Director Ramin Bahrani, whose working-class dramas (“Man Push Cart,” “Chop Shop,” “The White Tiger” and others) can feel like documentaries, has found a great subject in Davis. The inventor is an affable guy, and the film plays with the contrast between the intensity inherent in Davis’s product and his friendly, chatty personality. The film’s rounded 1970s title fonts and use of grainy home movie and commercial-grade video create a look that evokes a more innocent time. And in contemporary interviews, Davis poses in front of vintage wood paneling in his man cave, suggesting a figure from another era, preserved in 20th-century amber.
Bahrani often follows Davis’s lead in telling violent stories as if he’s talking about a first date. For instance, relating an incident in which Davis’s then-fiancee was taken hostage at his pizza parlor, Bahrani, in voice-over narration, explains that she was there to pick up an order of two large pepperoni-and-ham pies. Ominous music (by T. Griffin) gives the story the air of a cable TV reenactment. (In fact, the story is followed by clips of a reenactment of that very incident produced for the Discovery Channel years later.)
Davis has an acute sense of gallows humor. News footage shows him returning to an alley where he claims he defeated two men in a gunfight. “Unfortunately,” he quips, “I was fighting three at the time.”
It’s a funny story. But is Davis telling the truth?
On some level, Davis, whose body armor has saved thousands of lives, is a hero. Davis’s onetime friend and business partner, Aaron Westrick, whose life was saved by Second Chance armor, can attest to that. But perhaps the boldness that leads a man to shoot himself hundreds of times can also lead to lapses in judgment. Given the nature of his work, those missteps can be deadly.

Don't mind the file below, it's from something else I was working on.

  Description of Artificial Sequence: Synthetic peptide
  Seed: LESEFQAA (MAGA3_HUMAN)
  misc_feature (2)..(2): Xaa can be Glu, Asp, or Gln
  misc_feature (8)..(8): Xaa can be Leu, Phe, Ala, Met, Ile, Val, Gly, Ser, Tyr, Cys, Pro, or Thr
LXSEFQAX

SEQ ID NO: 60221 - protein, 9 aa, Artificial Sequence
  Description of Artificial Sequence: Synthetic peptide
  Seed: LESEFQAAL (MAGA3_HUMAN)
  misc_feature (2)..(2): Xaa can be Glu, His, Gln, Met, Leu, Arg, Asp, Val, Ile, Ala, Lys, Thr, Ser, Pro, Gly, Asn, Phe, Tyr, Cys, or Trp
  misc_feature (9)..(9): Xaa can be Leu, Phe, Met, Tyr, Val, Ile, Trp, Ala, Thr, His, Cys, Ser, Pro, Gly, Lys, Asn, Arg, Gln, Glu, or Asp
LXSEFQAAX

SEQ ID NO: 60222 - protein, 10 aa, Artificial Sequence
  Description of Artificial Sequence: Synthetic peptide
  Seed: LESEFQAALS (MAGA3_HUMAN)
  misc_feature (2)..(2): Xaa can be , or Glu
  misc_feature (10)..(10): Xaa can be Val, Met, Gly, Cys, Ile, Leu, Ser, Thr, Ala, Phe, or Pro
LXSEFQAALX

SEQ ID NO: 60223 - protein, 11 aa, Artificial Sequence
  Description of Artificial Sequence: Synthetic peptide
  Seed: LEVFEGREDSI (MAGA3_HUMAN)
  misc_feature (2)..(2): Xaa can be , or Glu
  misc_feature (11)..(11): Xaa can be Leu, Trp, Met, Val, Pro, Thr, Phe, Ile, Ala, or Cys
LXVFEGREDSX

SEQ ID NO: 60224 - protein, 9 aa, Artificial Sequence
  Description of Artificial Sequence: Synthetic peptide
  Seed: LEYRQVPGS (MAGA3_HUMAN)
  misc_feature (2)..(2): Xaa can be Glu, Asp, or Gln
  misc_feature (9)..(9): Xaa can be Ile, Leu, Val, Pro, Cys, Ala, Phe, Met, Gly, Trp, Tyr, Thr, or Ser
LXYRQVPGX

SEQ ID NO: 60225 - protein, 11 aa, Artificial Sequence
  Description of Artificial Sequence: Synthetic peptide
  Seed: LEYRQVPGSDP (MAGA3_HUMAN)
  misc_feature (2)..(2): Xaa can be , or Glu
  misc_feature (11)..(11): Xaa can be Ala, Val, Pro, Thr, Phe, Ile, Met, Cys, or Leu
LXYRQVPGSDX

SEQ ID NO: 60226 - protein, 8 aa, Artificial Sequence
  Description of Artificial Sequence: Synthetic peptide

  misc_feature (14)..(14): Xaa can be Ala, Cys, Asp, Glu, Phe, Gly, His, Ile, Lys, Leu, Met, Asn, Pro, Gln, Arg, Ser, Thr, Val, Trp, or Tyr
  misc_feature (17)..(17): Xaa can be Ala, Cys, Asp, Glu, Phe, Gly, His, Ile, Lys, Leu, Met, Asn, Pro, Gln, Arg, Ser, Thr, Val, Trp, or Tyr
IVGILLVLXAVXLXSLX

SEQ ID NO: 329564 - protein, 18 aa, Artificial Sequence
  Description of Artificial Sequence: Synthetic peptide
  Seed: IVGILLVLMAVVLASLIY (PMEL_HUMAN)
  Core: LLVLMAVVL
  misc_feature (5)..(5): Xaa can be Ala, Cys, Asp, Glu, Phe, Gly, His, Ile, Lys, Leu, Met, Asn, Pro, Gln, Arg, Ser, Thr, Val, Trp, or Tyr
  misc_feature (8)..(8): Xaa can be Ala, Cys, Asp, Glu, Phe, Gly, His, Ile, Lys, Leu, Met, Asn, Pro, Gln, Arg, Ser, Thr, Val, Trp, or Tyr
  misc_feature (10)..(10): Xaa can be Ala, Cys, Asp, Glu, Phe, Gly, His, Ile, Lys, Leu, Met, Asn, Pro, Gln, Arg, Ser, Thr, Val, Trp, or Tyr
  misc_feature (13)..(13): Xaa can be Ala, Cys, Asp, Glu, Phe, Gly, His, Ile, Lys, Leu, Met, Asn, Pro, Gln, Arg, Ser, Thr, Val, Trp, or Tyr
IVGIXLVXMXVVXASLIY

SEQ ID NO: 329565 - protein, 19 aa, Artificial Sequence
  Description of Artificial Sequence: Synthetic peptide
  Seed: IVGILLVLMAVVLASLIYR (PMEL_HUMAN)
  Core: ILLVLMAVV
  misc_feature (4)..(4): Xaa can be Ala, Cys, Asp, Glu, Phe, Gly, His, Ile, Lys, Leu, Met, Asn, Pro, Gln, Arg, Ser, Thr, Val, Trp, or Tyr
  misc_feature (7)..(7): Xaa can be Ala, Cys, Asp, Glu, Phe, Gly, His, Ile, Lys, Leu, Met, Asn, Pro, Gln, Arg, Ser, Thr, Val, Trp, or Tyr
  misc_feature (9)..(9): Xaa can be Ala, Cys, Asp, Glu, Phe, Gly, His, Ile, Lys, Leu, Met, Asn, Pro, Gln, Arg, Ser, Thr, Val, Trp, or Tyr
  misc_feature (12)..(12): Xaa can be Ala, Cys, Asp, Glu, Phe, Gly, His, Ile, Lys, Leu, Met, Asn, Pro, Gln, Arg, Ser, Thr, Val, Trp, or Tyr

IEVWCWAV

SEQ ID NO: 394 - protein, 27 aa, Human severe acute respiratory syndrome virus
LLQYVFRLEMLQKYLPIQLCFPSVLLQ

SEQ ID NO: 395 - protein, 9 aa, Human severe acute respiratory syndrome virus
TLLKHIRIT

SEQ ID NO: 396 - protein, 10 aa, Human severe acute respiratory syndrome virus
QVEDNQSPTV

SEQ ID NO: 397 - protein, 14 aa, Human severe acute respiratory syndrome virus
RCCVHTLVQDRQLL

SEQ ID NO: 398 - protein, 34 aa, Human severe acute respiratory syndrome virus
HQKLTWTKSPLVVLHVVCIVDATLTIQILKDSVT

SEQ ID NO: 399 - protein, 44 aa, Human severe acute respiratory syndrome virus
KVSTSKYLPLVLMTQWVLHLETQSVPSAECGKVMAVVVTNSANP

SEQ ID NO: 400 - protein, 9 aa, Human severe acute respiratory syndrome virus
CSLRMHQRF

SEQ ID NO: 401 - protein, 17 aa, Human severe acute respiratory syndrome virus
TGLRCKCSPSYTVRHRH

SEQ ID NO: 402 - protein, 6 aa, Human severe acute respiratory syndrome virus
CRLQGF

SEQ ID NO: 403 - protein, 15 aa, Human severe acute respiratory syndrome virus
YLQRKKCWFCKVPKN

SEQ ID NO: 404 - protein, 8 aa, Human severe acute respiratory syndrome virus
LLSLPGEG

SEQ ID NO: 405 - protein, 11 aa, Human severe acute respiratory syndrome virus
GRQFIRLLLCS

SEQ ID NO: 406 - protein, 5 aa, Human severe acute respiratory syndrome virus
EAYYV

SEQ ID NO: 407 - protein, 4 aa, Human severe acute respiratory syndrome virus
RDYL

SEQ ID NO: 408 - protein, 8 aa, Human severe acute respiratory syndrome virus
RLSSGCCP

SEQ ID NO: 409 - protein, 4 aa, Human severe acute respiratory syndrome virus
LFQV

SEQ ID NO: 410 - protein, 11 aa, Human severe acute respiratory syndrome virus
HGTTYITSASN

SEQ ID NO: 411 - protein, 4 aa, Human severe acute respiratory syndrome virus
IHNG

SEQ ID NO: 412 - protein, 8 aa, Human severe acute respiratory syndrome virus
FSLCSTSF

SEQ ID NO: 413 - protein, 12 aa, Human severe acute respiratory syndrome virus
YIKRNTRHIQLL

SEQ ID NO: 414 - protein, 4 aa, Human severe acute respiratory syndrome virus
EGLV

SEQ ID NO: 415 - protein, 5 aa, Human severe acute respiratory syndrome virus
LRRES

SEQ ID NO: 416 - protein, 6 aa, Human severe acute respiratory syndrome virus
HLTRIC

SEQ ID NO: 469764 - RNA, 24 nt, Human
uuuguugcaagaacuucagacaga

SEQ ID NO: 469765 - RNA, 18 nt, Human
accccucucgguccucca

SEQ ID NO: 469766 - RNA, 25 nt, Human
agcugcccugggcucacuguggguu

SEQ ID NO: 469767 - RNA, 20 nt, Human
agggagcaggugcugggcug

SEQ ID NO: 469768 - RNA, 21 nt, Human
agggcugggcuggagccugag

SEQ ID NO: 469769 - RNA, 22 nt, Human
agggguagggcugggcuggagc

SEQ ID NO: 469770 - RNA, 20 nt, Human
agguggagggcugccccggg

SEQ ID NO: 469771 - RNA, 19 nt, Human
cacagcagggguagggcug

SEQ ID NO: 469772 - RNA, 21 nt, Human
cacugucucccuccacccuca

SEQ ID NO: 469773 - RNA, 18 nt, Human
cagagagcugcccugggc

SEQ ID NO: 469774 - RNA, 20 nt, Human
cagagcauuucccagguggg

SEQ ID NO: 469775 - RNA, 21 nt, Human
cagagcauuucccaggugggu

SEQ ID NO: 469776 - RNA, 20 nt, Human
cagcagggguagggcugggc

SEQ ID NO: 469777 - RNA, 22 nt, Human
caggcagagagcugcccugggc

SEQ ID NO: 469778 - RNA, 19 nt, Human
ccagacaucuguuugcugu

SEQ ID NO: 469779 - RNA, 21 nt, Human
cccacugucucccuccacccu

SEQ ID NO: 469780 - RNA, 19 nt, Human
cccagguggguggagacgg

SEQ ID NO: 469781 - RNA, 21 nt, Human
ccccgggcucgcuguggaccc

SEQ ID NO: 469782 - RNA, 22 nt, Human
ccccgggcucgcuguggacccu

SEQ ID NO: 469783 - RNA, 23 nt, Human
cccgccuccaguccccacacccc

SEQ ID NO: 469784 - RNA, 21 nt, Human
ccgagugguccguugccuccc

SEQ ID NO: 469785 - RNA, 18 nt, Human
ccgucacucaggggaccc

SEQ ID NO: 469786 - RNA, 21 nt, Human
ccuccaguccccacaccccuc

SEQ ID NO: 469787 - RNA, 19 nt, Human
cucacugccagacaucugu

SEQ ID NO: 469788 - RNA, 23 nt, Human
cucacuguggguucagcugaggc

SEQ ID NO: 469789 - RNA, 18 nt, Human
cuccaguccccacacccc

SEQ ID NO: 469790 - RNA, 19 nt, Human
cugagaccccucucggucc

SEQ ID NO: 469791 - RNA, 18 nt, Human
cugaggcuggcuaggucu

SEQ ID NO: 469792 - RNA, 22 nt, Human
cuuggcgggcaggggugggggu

While Davis’s use of bikini-clad women to sell his vests may be questionable, for much of “2nd Chance,” the businessman’s rise from DIY ingenuity — initial orders for bulletproof vests were shipped in pizza boxes — to high-level government contracts seems, unimpeachably, like the American Dream.
Eventually, the chinks in Davis’s armor begin to show, sometimes literally.
Unfortunately for the film, as the holes in Davis’s story start to appear, so do the flaws in “2nd Chance,” which shifts from a quirky portrait to gotcha journalism. Bahrani starts to milk the material for maximum effect, and as he does, it starts to feels like exploitation, particularly when it comes to the introduction of one whistleblower who has multiple sclerosis. A tacked-on epilogue focusing on Westrick introduces a potent emotional kicker, but it’s so powerful that it might have served the movie better if Bahrani had found a way to integrate it into the larger story.
For the most part, “2nd Chance” is right on target. But in the end, its aim isn’t quite true.
Unrated. At AMC’s Georgetown 14 and Regal’s Gallery Place. Contains strong language and gun violence. 89 minutes.